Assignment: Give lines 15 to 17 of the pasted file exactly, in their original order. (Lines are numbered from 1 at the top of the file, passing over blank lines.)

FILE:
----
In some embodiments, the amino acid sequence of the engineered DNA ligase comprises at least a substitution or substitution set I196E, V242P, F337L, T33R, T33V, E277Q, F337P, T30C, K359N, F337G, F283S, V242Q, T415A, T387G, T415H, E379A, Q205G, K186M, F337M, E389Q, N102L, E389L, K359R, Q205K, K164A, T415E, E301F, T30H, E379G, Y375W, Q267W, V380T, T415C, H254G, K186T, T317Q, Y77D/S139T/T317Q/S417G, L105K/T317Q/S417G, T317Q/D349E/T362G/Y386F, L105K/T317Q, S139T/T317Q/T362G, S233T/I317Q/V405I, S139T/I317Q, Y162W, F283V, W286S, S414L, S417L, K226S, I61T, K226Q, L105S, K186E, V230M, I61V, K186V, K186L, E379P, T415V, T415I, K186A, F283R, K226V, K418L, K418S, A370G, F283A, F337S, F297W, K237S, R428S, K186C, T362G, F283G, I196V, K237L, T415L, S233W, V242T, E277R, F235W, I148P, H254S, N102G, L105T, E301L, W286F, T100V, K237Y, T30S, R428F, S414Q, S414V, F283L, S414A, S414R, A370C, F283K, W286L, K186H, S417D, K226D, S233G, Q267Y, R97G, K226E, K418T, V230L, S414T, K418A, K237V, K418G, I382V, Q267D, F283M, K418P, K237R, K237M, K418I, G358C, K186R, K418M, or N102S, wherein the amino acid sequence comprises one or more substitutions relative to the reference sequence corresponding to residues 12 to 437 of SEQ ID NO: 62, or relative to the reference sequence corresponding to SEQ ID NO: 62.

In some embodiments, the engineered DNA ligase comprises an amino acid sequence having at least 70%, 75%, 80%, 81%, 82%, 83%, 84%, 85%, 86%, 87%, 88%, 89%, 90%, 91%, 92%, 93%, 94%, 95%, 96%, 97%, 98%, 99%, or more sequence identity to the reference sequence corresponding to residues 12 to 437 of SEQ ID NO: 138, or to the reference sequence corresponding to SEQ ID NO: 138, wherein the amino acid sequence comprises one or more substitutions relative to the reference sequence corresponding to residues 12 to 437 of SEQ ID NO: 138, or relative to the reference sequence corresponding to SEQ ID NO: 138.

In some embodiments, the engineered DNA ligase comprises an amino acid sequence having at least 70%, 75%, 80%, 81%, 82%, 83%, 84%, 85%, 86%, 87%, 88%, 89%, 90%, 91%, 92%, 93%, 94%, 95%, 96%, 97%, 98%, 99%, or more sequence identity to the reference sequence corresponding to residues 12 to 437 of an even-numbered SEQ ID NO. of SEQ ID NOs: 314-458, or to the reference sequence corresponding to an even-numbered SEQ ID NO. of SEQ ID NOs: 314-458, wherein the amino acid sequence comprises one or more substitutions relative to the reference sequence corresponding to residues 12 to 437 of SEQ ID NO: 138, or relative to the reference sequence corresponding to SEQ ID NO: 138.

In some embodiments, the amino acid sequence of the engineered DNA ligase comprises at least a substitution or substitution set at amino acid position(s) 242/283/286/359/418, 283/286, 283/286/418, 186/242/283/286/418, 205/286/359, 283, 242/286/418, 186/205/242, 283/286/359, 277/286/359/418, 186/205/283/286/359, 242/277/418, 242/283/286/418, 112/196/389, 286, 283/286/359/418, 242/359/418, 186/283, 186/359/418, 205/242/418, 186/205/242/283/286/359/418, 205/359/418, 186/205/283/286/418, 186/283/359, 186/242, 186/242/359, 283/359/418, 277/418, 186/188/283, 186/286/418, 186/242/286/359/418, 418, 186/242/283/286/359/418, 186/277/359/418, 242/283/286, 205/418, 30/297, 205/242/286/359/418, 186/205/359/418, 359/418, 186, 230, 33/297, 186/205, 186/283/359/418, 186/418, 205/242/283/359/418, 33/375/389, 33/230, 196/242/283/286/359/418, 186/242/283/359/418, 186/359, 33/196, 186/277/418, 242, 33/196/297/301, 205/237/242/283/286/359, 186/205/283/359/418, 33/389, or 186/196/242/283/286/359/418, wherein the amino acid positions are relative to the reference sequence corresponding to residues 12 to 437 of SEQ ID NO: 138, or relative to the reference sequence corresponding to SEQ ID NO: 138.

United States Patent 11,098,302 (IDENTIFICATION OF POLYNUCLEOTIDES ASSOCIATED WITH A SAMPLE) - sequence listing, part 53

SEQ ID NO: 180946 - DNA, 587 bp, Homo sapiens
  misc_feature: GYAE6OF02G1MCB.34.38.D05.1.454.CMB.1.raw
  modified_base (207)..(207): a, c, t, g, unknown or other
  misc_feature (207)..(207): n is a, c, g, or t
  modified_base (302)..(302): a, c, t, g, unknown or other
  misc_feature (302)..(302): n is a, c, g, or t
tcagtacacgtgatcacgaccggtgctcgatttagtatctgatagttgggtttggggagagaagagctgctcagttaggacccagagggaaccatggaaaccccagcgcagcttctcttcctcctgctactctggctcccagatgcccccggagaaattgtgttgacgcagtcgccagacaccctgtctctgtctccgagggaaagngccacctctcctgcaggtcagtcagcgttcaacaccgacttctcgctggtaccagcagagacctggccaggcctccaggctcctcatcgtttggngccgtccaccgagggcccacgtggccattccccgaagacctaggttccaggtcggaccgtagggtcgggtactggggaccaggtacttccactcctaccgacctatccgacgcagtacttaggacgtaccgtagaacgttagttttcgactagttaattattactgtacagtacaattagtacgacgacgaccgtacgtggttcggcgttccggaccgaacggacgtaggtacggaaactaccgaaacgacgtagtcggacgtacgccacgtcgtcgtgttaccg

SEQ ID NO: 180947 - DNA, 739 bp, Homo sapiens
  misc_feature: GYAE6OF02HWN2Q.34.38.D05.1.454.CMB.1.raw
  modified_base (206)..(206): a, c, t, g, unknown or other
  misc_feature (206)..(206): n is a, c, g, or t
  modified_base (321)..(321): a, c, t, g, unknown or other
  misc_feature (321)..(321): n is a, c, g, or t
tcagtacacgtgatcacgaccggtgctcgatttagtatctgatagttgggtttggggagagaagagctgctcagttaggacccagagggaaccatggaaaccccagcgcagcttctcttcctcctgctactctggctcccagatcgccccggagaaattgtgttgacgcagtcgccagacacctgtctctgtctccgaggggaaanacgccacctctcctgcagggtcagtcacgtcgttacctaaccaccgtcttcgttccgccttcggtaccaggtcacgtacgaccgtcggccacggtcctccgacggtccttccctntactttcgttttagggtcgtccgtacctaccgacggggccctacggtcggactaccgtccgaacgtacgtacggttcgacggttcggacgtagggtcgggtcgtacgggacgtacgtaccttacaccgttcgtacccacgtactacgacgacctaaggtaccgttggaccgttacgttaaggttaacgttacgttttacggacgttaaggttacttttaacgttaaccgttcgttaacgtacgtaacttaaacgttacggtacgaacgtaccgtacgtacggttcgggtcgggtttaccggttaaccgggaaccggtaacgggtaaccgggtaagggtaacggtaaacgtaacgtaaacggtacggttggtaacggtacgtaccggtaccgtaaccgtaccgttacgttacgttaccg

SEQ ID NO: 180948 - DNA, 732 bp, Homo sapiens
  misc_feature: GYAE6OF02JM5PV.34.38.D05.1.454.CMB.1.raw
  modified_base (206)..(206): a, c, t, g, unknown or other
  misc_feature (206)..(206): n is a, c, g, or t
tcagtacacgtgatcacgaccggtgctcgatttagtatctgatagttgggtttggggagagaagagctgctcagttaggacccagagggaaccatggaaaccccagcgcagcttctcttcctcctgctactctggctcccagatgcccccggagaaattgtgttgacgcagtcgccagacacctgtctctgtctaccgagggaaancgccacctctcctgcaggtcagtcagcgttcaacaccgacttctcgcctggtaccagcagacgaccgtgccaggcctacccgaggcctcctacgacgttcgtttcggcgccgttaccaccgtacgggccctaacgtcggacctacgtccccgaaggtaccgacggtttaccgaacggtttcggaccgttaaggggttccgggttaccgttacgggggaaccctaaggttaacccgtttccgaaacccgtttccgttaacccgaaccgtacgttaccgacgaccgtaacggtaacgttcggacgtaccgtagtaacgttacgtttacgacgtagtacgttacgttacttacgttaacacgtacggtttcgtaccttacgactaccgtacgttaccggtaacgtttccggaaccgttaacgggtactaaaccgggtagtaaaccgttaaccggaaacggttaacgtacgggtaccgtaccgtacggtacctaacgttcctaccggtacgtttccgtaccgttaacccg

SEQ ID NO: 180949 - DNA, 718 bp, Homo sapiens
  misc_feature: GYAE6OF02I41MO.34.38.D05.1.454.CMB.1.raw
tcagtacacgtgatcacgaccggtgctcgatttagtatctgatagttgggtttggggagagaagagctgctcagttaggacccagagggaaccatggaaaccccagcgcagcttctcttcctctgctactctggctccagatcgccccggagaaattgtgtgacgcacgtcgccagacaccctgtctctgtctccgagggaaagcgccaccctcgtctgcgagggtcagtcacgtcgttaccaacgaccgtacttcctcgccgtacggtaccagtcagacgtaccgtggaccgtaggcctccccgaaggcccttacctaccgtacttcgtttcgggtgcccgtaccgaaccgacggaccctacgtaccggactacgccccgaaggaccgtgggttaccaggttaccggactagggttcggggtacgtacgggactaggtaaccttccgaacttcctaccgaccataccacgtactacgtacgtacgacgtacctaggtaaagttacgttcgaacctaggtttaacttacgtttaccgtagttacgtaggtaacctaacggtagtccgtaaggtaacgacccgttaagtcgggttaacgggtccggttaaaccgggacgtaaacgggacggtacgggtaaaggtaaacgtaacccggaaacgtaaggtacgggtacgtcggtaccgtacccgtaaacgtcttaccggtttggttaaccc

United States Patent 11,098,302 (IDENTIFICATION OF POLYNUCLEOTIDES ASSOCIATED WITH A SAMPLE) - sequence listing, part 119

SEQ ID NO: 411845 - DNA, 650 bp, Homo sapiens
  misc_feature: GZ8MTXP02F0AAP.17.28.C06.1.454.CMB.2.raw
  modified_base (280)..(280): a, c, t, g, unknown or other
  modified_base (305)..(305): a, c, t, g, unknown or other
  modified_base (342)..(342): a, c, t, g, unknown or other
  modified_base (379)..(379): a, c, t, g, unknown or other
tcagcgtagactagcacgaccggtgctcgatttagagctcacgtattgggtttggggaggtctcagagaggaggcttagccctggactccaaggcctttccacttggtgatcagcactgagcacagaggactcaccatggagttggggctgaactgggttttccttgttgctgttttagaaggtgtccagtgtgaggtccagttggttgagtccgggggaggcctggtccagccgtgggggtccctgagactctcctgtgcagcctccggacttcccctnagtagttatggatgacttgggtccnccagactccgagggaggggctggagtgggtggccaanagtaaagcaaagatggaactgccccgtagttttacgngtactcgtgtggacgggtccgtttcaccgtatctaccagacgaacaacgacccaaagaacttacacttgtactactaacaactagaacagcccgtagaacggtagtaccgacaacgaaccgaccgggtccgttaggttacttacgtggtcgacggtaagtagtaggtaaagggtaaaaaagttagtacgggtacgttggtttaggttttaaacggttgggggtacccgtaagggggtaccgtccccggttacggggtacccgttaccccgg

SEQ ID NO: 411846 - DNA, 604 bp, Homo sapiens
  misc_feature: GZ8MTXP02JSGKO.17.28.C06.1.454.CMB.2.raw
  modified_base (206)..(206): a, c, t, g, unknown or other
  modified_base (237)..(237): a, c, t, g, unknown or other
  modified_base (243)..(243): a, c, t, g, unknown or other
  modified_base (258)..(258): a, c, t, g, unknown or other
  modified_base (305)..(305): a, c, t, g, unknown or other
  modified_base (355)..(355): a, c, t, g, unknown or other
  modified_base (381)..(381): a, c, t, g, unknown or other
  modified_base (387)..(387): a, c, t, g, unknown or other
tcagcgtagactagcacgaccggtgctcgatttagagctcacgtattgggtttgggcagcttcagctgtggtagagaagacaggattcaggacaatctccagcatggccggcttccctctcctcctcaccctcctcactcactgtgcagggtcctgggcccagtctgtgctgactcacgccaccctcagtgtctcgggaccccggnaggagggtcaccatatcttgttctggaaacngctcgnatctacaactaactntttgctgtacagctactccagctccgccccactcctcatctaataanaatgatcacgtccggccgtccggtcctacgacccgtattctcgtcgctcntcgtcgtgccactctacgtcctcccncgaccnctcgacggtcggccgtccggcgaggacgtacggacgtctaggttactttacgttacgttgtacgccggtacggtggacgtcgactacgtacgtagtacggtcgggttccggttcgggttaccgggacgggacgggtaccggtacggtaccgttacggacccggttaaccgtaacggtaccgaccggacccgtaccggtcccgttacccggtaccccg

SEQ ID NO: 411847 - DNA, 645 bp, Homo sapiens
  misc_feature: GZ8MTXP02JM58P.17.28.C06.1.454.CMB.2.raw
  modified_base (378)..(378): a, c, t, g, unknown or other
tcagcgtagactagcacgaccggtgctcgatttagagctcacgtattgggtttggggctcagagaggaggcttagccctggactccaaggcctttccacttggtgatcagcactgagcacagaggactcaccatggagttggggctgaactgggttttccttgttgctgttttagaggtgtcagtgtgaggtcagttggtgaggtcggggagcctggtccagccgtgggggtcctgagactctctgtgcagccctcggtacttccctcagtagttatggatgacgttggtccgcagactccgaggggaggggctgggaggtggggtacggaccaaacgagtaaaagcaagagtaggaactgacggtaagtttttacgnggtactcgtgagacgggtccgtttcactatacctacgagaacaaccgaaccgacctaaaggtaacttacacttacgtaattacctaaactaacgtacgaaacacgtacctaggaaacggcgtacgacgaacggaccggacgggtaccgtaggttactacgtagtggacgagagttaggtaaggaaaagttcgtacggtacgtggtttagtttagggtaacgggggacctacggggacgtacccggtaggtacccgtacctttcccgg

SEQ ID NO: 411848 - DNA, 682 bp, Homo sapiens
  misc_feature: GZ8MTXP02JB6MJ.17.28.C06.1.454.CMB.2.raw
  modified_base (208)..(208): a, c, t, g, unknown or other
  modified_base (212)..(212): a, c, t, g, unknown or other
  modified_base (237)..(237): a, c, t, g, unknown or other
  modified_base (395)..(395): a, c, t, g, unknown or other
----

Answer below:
  modified_base (206)..(206): a, c, t, g, unknown or other
  misc_feature (206)..(206): n is a, c, g, or t
  modified_base (321)..(321): a, c, t, g, unknown or other